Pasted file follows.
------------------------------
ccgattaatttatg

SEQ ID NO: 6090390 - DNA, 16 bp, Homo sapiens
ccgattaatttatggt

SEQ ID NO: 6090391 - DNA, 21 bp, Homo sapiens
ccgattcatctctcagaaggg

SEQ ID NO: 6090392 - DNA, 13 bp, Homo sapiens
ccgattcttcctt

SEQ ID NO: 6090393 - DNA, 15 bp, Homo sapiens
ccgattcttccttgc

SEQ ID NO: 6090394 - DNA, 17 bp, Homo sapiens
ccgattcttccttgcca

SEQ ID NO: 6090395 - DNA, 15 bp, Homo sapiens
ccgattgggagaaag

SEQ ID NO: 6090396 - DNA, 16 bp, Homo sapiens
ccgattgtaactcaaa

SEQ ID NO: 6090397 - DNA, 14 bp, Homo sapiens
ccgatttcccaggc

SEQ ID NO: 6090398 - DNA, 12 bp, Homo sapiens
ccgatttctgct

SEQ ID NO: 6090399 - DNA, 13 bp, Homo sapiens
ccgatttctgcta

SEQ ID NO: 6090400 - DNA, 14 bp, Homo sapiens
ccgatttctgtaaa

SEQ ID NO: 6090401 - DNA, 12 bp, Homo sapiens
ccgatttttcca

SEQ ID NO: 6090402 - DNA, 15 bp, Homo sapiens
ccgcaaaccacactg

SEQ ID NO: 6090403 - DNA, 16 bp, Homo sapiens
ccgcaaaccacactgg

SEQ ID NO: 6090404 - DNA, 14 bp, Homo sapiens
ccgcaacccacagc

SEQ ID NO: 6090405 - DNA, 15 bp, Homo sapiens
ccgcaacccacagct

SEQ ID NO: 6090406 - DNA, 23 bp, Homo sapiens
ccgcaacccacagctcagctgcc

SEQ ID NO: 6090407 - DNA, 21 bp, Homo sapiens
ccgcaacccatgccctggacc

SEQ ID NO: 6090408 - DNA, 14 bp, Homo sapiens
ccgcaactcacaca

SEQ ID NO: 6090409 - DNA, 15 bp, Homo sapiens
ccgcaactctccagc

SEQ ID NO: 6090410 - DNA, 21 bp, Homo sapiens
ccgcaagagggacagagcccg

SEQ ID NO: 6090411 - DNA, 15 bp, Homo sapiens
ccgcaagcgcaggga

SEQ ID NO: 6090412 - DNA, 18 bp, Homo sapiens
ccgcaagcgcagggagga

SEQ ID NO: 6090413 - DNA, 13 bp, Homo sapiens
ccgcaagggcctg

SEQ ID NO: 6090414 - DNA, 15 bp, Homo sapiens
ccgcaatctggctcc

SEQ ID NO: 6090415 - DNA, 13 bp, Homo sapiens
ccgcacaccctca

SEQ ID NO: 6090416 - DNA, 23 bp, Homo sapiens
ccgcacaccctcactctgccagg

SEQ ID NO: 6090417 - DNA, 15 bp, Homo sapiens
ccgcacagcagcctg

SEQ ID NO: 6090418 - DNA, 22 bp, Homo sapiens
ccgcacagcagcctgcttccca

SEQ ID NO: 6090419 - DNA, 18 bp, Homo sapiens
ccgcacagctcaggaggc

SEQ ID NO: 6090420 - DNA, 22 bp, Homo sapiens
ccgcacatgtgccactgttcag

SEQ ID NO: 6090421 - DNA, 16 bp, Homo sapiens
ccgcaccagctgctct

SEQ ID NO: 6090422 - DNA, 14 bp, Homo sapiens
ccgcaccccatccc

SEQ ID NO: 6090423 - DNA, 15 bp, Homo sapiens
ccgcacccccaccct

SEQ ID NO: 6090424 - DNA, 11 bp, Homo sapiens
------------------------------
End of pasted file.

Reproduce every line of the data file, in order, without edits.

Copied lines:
ccgattaatttatg

SEQ ID NO: 6090390 - DNA, 16 bp, Homo sapiens
ccgattaatttatggt

SEQ ID NO: 6090391 - DNA, 21 bp, Homo sapiens
ccgattcatctctcagaaggg

SEQ ID NO: 6090392 - DNA, 13 bp, Homo sapiens
ccgattcttcctt

SEQ ID NO: 6090393 - DNA, 15 bp, Homo sapiens
ccgattcttccttgc

SEQ ID NO: 6090394 - DNA, 17 bp, Homo sapiens
ccgattcttccttgcca

SEQ ID NO: 6090395 - DNA, 15 bp, Homo sapiens
ccgattgggagaaag

SEQ ID NO: 6090396 - DNA, 16 bp, Homo sapiens
ccgattgtaactcaaa

SEQ ID NO: 6090397 - DNA, 14 bp, Homo sapiens
ccgatttcccaggc

SEQ ID NO: 6090398 - DNA, 12 bp, Homo sapiens
ccgatttctgct

SEQ ID NO: 6090399 - DNA, 13 bp, Homo sapiens
ccgatttctgcta

SEQ ID NO: 6090400 - DNA, 14 bp, Homo sapiens
ccgatttctgtaaa

SEQ ID NO: 6090401 - DNA, 12 bp, Homo sapiens
ccgatttttcca

SEQ ID NO: 6090402 - DNA, 15 bp, Homo sapiens
ccgcaaaccacactg

SEQ ID NO: 6090403 - DNA, 16 bp, Homo sapiens
ccgcaaaccacactgg

SEQ ID NO: 6090404 - DNA, 14 bp, Homo sapiens
ccgcaacccacagc

SEQ ID NO: 6090405 - DNA, 15 bp, Homo sapiens
ccgcaacccacagct

SEQ ID NO: 6090406 - DNA, 23 bp, Homo sapiens
ccgcaacccacagctcagctgcc

SEQ ID NO: 6090407 - DNA, 21 bp, Homo sapiens
ccgcaacccatgccctggacc

SEQ ID NO: 6090408 - DNA, 14 bp, Homo sapiens
ccgcaactcacaca

SEQ ID NO: 6090409 - DNA, 15 bp, Homo sapiens
ccgcaactctccagc

SEQ ID NO: 6090410 - DNA, 21 bp, Homo sapiens
ccgcaagagggacagagcccg

SEQ ID NO: 6090411 - DNA, 15 bp, Homo sapiens
ccgcaagcgcaggga

SEQ ID NO: 6090412 - DNA, 18 bp, Homo sapiens
ccgcaagcgcagggagga

SEQ ID NO: 6090413 - DNA, 13 bp, Homo sapiens
ccgcaagggcctg

SEQ ID NO: 6090414 - DNA, 15 bp, Homo sapiens
ccgcaatctggctcc

SEQ ID NO: 6090415 - DNA, 13 bp, Homo sapiens
ccgcacaccctca

SEQ ID NO: 6090416 - DNA, 23 bp, Homo sapiens
ccgcacaccctcactctgccagg

SEQ ID NO: 6090417 - DNA, 15 bp, Homo sapiens
ccgcacagcagcctg

SEQ ID NO: 6090418 - DNA, 22 bp, Homo sapiens
ccgcacagcagcctgcttccca

SEQ ID NO: 6090419 - DNA, 18 bp, Homo sapiens
ccgcacagctcaggaggc

SEQ ID NO: 6090420 - DNA, 22 bp, Homo sapiens
ccgcacatgtgccactgttcag

SEQ ID NO: 6090421 - DNA, 16 bp, Homo sapiens
ccgcaccagctgctct

SEQ ID NO: 6090422 - DNA, 14 bp, Homo sapiens
ccgcaccccatccc

SEQ ID NO: 6090423 - DNA, 15 bp, Homo sapiens
ccgcacccccaccct

SEQ ID NO: 6090424 - DNA, 11 bp, Homo sapiens